Players have until July 15 to decide whether to sign or return to school, so their decision-making window would shrink if the draft were pushed back.

“The majority of the players are signed right away, and the only ones who drag it out are the ones that are going to be the hard-negotiating ones,” Mainieri said. “What do the people who negotiate do? They wait until the last minute anyway, because nothing gets done until they’re up against a deadline.”

Mainieri said major league teams would benefit from having time to take a closer look at prospects before they draft them, just as NFL and NBA teams do with combines, on-campus pro days and individual workouts.

“We’ve seen so many times where major league teams get burned because they spend a high pick on somebody, and then the kid can’t pass a physical,” Mainieri said. “So wait until the college season is over, bring in the kids, have a combine for them, give them physicals and then a few days later have your draft.”

Stevenson and his draft-eligible teammates did take part in a “scout day” a few weeks back, when major league scouts came to LSU to interview draft prospects.

“They come in, and we talk to them and get a feel for them,” Stevenson said. “They get to know you. It lets them put a face with a name, feel you out, try and figure out what kind of kid you are.”

Mainieri said college coaches and major league executives have discussed ways of improving the draft, but it’s part of the Collective Bargaining Agreement, and changes would have to be agreed upon by the owners and players union.

UL-Lafayette coach Tony Robichaux said the players under the most pressure are the ones whose draft projections are less precise. Bregman has a clear idea of how much money he’ll be offered, and Ragin’ Cajuns shortstop Blake Trahan looks like a solid Monday pick.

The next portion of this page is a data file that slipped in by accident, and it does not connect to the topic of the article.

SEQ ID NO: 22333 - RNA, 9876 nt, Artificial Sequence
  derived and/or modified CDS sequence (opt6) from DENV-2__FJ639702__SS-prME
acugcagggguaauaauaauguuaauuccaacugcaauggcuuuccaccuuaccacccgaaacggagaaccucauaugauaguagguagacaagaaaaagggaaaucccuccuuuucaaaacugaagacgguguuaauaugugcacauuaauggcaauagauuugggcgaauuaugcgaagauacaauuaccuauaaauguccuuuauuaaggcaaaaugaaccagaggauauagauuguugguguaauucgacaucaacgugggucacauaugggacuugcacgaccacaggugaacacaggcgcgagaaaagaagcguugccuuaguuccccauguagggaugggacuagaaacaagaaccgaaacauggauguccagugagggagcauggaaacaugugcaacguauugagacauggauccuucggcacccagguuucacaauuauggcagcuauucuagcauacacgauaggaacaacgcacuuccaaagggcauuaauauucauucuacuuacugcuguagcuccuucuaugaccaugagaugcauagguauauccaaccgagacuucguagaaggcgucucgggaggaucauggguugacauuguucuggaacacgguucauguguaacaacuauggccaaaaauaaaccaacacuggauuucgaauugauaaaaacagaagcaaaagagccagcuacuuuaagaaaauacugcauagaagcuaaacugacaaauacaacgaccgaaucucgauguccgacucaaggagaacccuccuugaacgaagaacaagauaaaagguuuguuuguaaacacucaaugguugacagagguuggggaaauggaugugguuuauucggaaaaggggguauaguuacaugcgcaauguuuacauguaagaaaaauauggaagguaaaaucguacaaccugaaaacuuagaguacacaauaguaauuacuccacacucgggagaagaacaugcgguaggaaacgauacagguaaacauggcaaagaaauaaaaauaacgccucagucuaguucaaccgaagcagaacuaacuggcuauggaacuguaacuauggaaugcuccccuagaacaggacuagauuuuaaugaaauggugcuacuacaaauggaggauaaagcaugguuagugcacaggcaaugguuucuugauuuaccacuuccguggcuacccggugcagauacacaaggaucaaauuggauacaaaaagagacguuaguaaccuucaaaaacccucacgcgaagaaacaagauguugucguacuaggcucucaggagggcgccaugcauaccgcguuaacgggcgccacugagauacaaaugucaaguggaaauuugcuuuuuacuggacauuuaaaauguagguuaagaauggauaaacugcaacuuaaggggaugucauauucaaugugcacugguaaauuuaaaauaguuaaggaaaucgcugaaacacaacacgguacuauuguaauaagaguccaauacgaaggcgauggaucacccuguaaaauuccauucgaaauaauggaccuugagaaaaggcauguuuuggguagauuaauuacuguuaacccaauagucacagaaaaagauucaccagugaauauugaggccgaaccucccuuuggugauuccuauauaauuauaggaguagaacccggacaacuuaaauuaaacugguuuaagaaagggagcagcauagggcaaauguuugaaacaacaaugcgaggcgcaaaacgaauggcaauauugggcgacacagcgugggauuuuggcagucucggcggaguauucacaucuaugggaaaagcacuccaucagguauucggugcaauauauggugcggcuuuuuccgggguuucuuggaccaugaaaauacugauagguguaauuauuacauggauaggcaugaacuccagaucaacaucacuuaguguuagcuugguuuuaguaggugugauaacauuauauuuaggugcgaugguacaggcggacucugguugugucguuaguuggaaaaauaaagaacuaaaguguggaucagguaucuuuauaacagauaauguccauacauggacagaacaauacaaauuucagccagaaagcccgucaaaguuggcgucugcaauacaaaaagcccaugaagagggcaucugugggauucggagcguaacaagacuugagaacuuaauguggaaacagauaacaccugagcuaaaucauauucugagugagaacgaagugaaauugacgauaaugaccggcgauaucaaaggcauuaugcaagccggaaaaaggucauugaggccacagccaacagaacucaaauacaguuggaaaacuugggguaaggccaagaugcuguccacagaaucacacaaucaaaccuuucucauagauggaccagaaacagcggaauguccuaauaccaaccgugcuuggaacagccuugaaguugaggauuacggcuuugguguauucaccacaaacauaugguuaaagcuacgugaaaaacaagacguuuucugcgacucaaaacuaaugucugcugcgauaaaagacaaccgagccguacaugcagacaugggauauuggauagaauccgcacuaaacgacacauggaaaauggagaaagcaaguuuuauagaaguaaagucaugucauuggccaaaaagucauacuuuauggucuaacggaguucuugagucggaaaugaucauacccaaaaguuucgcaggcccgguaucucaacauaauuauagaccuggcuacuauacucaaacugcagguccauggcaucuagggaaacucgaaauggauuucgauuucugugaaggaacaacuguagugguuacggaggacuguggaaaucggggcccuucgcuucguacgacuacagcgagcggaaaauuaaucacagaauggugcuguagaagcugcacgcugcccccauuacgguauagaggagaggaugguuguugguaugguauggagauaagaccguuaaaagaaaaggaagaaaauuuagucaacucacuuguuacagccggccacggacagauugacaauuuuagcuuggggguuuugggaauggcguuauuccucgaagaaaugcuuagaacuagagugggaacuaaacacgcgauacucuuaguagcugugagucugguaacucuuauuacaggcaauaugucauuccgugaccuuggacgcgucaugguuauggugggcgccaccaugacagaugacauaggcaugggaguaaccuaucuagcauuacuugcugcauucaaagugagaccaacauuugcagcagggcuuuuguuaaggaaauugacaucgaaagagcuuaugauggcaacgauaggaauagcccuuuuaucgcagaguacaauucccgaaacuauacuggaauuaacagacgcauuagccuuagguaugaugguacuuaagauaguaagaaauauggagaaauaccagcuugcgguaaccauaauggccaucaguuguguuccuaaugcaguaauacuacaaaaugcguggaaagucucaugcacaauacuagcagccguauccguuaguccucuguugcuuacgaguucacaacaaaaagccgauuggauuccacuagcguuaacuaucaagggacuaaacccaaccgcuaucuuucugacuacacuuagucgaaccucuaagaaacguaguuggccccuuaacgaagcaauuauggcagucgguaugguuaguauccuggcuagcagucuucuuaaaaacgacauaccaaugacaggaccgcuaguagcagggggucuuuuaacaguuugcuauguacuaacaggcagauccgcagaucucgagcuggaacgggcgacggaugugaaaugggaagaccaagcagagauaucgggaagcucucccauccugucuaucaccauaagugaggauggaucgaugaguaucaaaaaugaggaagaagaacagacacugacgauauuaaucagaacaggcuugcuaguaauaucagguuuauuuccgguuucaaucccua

But several of Trahan’s teammates last season didn’t have a clear sense of their opportunity until the phone rang.

“We had so many guys not knowing if they were going above the 10th (round), after the 10th,” Robichaux said, “and we had guys calling — ‘we’ll offer you this in the seventh, and will you take it, this and that?’ We had a lot to deal with last year.

“We have a unique business.”

Follow Les East on Twitter: @EastAdvocate.

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2015 MLB draft

The schedule

Monday: First 75 picks (Rounds 1 and 2, compensation and competitive balance picks)

Tuesday: Rounds 3-10

Wednesday: Rounds 11-40

Monday’s TV: 5 p.m., MLB Network

Louisiana’s top college prospects

Alex Bregman, SS, LSU

Projection: Most have him going in the first four picks.

Blake Trahan, SS, UL-Lafayette

Projection: Could sneak into first round or will go soon after.

Andrew Stevenson, OF, LSU

Projection: Early Tuesday pick if not grabbed late Monday.

Kade Scivicque, C, LSU

Projection: Targeted as high as the fourth round.

Jake Johnson, RHP, Southeastern

Projection: Likely Tuesday pick.

Mark Laird, OF, LSU

Projection: Likely Tuesday pick.

Jared Foster, OF, LSU

Projection: Likely Tuesday pick.

Ian Gibault, RHP, Tulane

Projection: Likely Wednesday pick.